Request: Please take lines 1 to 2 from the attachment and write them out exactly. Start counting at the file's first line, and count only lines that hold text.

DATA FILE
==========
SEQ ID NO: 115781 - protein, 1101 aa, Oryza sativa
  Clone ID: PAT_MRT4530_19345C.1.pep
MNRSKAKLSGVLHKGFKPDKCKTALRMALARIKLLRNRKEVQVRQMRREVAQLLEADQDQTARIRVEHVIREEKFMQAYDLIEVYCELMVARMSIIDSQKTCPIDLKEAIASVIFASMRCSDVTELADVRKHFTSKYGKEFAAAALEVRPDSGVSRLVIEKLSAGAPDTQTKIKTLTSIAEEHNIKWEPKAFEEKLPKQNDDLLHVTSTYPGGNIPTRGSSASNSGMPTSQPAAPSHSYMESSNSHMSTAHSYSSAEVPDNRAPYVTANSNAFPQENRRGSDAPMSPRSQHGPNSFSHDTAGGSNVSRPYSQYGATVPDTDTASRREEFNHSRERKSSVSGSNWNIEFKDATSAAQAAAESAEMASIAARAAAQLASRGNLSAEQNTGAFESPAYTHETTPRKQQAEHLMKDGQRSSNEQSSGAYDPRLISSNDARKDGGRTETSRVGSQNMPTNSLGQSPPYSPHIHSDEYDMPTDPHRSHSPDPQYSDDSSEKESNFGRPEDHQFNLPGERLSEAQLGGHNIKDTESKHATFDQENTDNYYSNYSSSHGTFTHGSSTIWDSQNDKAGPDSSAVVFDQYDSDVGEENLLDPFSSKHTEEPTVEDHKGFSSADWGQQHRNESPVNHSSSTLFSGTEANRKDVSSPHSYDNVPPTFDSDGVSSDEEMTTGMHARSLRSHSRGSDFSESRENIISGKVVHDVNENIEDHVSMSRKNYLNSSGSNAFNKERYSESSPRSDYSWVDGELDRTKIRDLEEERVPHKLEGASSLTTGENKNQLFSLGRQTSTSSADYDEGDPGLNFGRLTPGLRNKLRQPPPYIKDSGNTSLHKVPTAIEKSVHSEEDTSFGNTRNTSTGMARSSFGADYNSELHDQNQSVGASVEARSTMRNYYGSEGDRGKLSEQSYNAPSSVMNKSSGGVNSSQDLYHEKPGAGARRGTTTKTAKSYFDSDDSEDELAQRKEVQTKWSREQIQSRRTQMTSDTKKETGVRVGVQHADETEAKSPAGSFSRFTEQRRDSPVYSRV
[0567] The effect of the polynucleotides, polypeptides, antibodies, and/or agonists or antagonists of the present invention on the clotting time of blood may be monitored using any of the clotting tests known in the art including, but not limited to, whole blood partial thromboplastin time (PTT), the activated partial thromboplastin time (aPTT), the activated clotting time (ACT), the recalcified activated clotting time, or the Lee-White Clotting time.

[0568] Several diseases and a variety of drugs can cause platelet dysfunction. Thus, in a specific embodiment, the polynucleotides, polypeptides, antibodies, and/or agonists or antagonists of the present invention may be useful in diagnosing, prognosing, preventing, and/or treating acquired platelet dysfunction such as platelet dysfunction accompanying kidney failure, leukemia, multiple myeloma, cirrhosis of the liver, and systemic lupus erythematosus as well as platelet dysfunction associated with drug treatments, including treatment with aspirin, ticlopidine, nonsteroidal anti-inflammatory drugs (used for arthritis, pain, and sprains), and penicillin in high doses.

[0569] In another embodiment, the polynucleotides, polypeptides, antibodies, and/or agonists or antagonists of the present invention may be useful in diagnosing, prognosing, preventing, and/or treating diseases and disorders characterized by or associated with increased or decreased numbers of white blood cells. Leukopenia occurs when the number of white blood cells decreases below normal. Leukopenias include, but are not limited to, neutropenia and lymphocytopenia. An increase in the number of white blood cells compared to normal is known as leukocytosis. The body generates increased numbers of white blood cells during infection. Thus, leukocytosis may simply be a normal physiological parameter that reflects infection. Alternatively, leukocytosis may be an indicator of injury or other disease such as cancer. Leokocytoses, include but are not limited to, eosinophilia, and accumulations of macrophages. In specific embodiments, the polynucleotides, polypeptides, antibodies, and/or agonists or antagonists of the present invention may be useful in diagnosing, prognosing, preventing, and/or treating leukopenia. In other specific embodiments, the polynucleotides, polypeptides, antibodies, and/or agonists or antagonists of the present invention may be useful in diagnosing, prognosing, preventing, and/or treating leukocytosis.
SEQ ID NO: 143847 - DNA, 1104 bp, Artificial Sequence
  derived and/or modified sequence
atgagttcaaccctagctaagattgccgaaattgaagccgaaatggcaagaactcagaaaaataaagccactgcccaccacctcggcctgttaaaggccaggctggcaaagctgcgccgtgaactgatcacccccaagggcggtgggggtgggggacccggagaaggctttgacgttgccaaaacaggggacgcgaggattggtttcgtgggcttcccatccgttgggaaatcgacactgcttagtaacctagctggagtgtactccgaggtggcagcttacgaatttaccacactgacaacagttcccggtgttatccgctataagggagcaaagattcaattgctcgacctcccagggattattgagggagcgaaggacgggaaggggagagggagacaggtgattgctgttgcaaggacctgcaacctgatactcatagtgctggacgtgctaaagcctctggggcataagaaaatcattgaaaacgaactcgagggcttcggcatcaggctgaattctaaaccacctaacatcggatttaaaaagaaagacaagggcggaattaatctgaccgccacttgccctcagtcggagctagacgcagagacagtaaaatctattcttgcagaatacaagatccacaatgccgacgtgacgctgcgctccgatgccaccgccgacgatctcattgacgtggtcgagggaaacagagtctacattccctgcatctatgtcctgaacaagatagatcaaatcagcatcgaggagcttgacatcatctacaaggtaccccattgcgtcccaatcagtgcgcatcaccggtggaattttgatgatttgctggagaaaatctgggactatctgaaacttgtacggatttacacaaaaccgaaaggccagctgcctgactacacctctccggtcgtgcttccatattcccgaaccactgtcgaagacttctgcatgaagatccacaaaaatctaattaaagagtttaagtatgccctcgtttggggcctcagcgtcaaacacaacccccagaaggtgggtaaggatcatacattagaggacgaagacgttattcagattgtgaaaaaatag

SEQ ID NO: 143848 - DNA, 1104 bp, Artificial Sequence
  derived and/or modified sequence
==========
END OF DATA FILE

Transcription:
SEQ ID NO: 115781 - protein, 1101 aa, Oryza sativa
  Clone ID: PAT_MRT4530_19345C.1.pep